Microsoft’s push into PC gaming continues to hit speed bumps with the Windows 10 launch of Gears of War: Ultimate Edition.
The remake of Epic Games’ hit shooter from 2006 suffers from several confirmed issues at launch. As Forbes’ Jason Evangelho reports with in-depth testing and videos, the game produces unplayable framerates at high settings on AMD Radeon R9 Fury, R9 Nano, R9 Fury X, and R9 380 graphics cards, as well as image artifacting. Evangelho says he’s confirmed the issues with other tech writers, and Microsoft says the problems should be fixed “quickly in an upcoming update.” In the meantime, an official post on the Gears of War forum suggests turning off Ambient Occlusion completely on Radeon graphics cards.
Users of Nvidia G-Sync monitors may also experiencing framerate issues with Gears of War: Ultimate Edition, Microsoft says. These may be resolved by unlocking the frame rate in the game’s settings menu, but if not, users will just have to disable G-Sync completely for now. Laptops with discrete Nvidia graphics cards may also fail to switch over from integrated graphics when the game starts, so users must manually switch to the GPU before playing until Nvidia addresses the issue with a software update.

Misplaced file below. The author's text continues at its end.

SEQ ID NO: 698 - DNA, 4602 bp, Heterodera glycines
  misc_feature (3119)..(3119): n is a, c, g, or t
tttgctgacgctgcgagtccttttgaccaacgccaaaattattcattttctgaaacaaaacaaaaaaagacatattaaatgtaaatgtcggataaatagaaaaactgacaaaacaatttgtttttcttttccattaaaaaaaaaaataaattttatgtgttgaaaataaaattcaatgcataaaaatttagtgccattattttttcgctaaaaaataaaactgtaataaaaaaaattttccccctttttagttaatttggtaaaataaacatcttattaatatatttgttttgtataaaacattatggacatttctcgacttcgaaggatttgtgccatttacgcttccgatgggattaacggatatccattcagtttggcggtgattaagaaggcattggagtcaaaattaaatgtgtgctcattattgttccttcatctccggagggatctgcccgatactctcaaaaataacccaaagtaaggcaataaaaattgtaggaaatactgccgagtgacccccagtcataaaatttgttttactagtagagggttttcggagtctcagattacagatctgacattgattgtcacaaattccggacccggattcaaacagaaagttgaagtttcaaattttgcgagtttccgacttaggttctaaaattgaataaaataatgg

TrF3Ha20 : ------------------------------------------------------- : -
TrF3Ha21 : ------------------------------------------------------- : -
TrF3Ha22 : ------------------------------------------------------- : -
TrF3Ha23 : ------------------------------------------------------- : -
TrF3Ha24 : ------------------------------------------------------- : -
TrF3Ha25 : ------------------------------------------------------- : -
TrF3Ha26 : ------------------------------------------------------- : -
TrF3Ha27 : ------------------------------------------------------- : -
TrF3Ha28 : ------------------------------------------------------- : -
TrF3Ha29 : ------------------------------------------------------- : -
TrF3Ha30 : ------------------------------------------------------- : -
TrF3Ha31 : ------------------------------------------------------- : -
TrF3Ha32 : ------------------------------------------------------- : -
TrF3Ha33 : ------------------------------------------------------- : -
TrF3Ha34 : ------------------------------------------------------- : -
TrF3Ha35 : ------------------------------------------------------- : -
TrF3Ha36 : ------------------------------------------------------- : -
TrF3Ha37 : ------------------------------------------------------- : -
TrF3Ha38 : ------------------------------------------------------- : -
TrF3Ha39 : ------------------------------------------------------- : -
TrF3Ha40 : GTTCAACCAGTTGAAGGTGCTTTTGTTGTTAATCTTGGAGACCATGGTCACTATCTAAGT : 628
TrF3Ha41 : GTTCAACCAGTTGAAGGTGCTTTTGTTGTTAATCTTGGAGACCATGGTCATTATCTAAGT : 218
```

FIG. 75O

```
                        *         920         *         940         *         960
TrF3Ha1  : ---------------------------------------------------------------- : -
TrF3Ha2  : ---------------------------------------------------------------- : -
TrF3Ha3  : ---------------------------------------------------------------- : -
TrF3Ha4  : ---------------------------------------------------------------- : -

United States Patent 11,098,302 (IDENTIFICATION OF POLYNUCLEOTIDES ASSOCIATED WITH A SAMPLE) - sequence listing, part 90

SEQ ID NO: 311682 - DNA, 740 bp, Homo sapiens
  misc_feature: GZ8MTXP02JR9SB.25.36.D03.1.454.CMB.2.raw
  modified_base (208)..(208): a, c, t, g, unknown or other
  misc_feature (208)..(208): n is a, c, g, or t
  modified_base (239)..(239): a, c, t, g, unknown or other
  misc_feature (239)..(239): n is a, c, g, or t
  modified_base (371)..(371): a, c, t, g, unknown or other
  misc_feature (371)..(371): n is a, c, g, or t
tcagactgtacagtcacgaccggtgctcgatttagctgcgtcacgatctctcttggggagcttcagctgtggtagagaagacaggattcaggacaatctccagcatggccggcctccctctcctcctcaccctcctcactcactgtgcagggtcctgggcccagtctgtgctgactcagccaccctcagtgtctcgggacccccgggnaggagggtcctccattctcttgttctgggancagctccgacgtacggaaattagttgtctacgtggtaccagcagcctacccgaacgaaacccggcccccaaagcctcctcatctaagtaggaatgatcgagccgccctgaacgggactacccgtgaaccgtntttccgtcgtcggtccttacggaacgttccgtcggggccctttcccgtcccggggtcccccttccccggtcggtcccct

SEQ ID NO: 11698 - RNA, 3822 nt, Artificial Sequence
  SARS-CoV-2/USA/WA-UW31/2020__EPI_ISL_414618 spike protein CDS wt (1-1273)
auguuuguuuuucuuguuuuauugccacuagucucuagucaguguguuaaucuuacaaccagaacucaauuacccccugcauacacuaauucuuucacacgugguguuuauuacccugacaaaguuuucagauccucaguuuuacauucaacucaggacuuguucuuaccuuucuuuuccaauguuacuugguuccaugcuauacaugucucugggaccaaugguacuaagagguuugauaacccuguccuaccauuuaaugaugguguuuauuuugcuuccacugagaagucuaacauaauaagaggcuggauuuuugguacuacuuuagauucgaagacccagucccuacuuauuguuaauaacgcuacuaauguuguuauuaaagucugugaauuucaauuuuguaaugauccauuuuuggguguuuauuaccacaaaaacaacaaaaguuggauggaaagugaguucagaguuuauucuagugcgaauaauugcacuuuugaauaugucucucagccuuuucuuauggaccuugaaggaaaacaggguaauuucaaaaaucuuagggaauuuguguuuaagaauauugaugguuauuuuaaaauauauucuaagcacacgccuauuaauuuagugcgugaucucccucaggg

Some reviewers have also noted general performance issues in their time with the game. HardcoreGamer, for instance, reports worse-than-usual pop-in with environment textures, which seem to cycle from highest to lowest resolution before slowly returning back to high resolution again. Examiner, meanwhile, reports suffering from extremely muddy textures at high graphics settings. WCCFTech ran into the same issues in its testing, calling the game "ultimately broken on PC" in its write-up. Microsoft hasn’t confirmed these problems.
Why this matters: In fairness to Microsoft (and sadly for PC gamers), these sorts of launch issues are all too common for console ports. Last fall, for instance, Activision’s Call of Duty: Black Ops III launched with stuttering and stability problems, and Ubisoft’s Assassin’s Creed: Unity became a laughingstock for its performance atrocities the year before. Warner Bros. has also released its share of PC port stinkers, including Mortal Kombat X and a version of Batman: Arkham Knight so sloppy the publisher offered full refunds.
Still, the issues facing Gears of War: Ultimate Edition mar a launch that otherwise includes a couple of milestones. This is the first major PC game launch with DirectX 12 support, and the first time Microsoft has ported one of its key franchise games as a Windows Store exclusive. (The game is not available through other PC distribution platforms such as Steam.) Combined with numerous other drawbacks inherent to Windows Store game purchases—from a lack of mods and macros to missing dual graphics card support—Microsoft isn’t making a great first impression.
Sign up for CIO Asia eNewsletters.